The role of the executor of an estate is to execute your wishes in regards to your stuff. A non-professional trustee acts in a similar manner. Should one of these roles make their way to a friend or family member, it may be problematic if there are stressful relationships within your family or if multiple marriages have been involved.
The executor generally works alongside an attorney in fulfilling their responsibilities and seldom is compensated for their efforts. Have you ever called the cable company for help? Did you enjoy holding and punching the appropriate number in the hope of talking to a human that could fix your challenge? Imagine doing this for the benefit of a deceased loved one in order to send money to people of which you might not be a recipient!
And then consider the recipients all have varying understandings of finances and varying degrees of communication skills. As the executor you may well never see any earthly benefits of your efforts, maybe not even a ‘thank you’. The role of an executor is seldom one which would ever benefit benefit your resume. It may be one of the most thankless, servant-like roles you would ever offer to someone or accept. Unfortunately, not all estates are large enough to warrant a professional trustee or executor. So as you name these roles, seriously consider the people involved at the end, their personalities and that of the person you are considering naming as your executor.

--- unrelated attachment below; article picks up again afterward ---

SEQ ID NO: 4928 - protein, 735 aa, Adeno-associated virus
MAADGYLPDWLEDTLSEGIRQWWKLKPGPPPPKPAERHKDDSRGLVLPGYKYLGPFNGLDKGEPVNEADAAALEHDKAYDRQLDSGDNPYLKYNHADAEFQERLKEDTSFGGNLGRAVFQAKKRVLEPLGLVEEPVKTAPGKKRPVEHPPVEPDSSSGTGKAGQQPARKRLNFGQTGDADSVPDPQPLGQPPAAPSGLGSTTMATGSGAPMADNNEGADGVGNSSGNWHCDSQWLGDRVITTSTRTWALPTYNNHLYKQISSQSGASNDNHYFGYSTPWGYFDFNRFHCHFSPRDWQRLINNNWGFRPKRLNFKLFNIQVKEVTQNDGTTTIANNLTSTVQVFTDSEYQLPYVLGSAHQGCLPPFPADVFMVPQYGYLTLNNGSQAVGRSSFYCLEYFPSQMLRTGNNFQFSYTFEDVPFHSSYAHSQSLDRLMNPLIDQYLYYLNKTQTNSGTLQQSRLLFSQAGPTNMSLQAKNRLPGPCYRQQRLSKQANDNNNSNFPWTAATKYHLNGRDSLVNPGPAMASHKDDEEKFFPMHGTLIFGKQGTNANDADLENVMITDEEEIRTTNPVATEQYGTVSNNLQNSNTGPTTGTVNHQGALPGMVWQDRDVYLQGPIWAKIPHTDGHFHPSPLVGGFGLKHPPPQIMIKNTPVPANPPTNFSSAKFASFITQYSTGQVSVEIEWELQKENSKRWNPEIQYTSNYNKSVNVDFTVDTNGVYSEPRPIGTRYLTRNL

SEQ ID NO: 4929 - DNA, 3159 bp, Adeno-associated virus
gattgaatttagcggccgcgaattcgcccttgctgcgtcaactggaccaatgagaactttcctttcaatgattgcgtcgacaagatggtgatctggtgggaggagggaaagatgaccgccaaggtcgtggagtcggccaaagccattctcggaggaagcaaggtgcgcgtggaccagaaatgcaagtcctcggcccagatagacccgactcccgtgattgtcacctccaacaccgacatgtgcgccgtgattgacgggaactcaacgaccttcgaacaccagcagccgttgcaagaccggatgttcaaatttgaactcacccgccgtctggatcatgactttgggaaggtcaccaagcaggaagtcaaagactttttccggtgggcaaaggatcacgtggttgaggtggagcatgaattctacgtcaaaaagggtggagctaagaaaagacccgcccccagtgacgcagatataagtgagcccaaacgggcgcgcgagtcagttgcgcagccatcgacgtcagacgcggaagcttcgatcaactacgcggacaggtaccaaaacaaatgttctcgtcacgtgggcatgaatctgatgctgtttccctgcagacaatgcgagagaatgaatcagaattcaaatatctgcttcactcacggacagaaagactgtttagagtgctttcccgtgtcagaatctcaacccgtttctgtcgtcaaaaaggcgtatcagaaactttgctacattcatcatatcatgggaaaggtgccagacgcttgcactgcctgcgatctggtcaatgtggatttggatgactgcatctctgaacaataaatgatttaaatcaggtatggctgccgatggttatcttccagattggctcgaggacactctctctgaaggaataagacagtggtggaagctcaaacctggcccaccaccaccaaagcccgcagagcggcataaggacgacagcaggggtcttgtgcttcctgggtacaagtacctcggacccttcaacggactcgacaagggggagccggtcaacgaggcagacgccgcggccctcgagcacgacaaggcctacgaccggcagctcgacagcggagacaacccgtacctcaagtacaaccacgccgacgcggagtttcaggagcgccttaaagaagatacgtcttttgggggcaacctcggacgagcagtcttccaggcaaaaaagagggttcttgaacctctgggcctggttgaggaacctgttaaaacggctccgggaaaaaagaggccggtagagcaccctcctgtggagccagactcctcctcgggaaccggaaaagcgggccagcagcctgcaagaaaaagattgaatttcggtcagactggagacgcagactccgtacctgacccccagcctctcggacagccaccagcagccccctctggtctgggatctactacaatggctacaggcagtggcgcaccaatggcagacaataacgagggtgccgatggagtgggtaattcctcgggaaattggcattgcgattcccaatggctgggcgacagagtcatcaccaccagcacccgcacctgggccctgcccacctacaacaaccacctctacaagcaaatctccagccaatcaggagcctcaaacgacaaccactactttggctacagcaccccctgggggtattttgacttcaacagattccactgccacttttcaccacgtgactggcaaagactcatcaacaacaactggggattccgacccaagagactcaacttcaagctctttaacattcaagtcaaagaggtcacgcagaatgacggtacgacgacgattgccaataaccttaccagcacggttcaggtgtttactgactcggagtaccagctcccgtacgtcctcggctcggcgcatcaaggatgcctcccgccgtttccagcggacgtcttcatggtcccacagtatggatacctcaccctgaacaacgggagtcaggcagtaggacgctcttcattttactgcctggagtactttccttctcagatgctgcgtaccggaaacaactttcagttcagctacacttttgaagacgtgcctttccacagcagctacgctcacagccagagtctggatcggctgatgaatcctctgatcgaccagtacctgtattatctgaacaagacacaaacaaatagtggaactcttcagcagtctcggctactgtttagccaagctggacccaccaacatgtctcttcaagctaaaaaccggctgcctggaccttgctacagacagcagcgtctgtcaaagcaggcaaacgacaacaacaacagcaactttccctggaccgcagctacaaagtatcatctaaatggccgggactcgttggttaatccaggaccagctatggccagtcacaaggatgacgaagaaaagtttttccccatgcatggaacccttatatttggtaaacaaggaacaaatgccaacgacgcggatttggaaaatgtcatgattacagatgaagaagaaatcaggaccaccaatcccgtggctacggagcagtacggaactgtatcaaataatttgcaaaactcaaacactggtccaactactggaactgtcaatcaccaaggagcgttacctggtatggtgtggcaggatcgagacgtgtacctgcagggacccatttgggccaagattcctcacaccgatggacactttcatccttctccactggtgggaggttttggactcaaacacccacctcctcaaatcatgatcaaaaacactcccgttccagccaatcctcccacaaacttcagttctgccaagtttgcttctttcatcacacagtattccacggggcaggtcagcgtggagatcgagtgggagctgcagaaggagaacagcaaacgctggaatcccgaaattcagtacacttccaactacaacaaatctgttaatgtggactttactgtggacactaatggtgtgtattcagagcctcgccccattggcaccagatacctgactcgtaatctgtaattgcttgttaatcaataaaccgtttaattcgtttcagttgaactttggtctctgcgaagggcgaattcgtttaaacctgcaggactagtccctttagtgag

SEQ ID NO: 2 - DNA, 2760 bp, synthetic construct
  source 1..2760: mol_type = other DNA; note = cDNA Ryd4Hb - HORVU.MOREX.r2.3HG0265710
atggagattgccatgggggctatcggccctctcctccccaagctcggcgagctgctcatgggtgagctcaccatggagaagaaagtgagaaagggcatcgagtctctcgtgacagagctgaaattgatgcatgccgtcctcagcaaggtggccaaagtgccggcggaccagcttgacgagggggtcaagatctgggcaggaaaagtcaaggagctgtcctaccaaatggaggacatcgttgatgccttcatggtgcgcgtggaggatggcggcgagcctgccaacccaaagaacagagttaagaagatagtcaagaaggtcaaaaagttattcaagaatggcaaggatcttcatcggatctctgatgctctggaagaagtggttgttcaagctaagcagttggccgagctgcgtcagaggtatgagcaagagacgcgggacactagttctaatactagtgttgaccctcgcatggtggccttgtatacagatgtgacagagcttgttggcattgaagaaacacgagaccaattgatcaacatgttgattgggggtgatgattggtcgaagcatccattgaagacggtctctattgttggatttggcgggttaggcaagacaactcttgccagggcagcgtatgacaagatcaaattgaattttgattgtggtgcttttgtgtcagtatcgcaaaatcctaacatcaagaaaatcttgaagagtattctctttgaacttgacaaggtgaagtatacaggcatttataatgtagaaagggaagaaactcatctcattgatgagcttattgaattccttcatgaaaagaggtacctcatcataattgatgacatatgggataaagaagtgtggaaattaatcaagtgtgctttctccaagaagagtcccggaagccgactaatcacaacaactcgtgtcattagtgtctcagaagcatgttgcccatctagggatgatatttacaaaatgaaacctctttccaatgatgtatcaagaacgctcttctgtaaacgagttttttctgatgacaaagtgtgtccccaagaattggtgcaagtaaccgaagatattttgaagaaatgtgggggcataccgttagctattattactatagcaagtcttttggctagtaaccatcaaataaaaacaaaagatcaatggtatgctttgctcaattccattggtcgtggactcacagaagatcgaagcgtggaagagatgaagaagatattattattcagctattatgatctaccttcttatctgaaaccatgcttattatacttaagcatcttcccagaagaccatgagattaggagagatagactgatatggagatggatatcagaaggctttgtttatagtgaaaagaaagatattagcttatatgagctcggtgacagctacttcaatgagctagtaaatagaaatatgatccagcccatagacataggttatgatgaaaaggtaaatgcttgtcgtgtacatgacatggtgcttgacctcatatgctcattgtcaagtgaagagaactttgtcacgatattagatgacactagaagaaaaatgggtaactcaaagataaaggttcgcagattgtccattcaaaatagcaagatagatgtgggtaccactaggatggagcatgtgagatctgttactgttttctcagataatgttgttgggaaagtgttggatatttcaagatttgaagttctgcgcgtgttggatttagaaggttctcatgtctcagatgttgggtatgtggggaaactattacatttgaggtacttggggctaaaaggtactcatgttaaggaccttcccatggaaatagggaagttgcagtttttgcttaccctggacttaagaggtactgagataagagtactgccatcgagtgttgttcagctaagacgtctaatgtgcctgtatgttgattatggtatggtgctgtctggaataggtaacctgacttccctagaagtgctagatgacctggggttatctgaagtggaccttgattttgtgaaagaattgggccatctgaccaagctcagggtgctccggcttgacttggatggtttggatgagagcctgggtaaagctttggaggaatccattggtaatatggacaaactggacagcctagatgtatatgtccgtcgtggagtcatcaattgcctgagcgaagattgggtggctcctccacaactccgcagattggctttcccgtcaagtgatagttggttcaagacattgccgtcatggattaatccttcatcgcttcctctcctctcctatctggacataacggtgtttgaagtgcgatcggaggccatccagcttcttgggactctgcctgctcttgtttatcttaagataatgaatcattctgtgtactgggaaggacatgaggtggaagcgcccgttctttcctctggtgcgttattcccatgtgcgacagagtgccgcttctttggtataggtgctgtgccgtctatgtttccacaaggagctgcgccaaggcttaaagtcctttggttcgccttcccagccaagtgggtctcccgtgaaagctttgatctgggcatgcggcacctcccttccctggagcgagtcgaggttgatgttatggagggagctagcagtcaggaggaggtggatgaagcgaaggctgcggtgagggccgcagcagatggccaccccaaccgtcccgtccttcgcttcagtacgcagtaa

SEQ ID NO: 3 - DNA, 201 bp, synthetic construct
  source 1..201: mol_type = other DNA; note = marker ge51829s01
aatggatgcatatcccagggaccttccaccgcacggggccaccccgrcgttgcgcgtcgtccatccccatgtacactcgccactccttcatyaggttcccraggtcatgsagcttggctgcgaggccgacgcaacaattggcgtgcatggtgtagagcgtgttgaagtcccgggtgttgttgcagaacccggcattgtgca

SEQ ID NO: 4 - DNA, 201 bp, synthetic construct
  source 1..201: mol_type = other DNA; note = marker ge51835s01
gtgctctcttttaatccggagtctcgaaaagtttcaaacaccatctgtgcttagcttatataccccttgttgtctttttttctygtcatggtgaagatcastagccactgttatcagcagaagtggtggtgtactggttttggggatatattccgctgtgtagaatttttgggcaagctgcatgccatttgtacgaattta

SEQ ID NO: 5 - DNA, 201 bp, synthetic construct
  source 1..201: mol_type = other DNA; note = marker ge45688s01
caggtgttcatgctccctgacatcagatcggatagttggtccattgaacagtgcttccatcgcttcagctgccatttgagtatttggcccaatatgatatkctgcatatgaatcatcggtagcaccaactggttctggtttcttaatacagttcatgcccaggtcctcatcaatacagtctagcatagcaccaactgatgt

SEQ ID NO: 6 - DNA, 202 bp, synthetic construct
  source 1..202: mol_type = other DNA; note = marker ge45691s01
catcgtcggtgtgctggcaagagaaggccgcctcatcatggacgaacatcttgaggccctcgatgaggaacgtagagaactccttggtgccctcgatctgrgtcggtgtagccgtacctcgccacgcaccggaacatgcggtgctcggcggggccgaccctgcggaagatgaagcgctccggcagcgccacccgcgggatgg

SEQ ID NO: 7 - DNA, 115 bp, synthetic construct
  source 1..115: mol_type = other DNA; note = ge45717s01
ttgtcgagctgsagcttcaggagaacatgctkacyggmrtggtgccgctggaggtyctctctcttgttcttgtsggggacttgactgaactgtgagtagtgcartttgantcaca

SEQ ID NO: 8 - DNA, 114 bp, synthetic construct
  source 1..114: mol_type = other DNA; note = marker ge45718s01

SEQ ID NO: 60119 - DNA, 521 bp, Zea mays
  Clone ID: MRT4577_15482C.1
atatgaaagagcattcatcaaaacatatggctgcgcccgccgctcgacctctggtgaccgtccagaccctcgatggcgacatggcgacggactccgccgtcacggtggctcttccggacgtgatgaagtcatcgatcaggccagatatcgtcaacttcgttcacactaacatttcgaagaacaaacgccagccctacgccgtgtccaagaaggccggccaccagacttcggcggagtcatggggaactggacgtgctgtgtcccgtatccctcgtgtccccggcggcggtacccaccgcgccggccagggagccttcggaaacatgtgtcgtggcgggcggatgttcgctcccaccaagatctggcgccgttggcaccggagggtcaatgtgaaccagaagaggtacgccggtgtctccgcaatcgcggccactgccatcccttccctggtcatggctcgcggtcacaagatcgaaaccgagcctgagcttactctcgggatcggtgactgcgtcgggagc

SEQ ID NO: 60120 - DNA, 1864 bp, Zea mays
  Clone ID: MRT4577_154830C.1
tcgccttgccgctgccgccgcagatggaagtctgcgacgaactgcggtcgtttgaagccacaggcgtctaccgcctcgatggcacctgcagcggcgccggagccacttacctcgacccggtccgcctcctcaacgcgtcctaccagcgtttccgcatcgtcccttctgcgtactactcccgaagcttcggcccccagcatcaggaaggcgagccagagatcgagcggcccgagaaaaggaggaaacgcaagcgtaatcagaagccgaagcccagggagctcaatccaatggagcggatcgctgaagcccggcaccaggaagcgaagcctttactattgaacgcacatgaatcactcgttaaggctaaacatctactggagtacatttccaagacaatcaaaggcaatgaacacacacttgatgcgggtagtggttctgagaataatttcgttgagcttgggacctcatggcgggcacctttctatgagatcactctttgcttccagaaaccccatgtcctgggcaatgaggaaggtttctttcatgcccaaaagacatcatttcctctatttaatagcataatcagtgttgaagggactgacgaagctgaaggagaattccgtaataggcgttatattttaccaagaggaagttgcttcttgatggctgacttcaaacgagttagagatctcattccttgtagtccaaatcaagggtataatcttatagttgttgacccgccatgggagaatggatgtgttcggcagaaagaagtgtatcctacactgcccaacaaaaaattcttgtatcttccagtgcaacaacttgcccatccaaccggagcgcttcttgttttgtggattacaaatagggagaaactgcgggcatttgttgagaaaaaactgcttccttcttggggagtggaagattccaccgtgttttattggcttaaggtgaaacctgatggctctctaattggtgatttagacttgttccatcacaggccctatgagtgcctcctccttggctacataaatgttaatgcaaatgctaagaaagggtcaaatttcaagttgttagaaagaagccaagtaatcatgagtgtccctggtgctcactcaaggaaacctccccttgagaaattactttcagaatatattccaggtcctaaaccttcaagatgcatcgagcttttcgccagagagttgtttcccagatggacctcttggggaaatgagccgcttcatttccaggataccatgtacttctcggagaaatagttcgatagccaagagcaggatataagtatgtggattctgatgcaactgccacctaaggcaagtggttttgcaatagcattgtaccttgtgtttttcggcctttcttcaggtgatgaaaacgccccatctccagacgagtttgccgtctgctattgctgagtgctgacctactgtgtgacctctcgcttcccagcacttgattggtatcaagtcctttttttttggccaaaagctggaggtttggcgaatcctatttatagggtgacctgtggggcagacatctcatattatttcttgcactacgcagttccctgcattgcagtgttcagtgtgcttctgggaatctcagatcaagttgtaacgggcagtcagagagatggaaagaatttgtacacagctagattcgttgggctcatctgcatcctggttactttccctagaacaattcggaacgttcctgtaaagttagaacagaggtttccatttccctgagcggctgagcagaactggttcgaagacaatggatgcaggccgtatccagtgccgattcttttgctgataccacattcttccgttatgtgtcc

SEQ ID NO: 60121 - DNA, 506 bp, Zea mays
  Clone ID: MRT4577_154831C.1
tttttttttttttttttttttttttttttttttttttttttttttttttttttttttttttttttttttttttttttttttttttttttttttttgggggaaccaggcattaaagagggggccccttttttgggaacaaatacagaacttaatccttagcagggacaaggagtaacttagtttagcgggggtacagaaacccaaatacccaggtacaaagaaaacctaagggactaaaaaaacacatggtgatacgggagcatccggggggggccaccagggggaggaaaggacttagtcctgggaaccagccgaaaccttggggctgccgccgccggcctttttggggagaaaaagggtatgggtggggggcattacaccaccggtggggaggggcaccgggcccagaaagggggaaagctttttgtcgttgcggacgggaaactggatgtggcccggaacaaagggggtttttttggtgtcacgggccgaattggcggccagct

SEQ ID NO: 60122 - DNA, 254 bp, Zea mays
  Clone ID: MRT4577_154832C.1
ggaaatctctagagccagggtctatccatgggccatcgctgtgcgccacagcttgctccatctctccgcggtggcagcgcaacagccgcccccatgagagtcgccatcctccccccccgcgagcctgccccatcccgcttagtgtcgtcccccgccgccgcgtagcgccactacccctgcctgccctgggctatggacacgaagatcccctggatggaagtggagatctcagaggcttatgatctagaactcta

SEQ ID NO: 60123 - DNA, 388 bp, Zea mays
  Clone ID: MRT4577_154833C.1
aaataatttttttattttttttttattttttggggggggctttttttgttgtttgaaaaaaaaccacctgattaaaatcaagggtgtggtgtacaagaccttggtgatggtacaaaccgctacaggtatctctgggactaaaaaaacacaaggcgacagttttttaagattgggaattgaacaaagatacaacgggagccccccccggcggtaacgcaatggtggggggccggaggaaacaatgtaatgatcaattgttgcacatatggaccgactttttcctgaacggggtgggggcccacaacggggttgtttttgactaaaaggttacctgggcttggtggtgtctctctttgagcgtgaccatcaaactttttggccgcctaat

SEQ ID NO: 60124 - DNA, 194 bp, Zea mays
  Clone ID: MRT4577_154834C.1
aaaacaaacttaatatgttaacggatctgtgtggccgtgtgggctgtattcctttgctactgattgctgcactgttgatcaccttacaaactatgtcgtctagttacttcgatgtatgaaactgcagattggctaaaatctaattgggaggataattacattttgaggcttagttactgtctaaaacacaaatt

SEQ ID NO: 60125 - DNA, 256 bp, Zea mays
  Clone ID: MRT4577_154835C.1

Will the role suit that person well? Will they have time to act in it? Will the beneficiaries respond well to that person? Can that person handle disgruntled beneficiaries? Will that person outlive you? These are just a few questions you might ask yourself as you are naming an executor or as you review your estate documents.
Keep the faith!
This information is not intended to be a substitute for individualized legal advice. Please consult your legal advisor regarding your specific situation.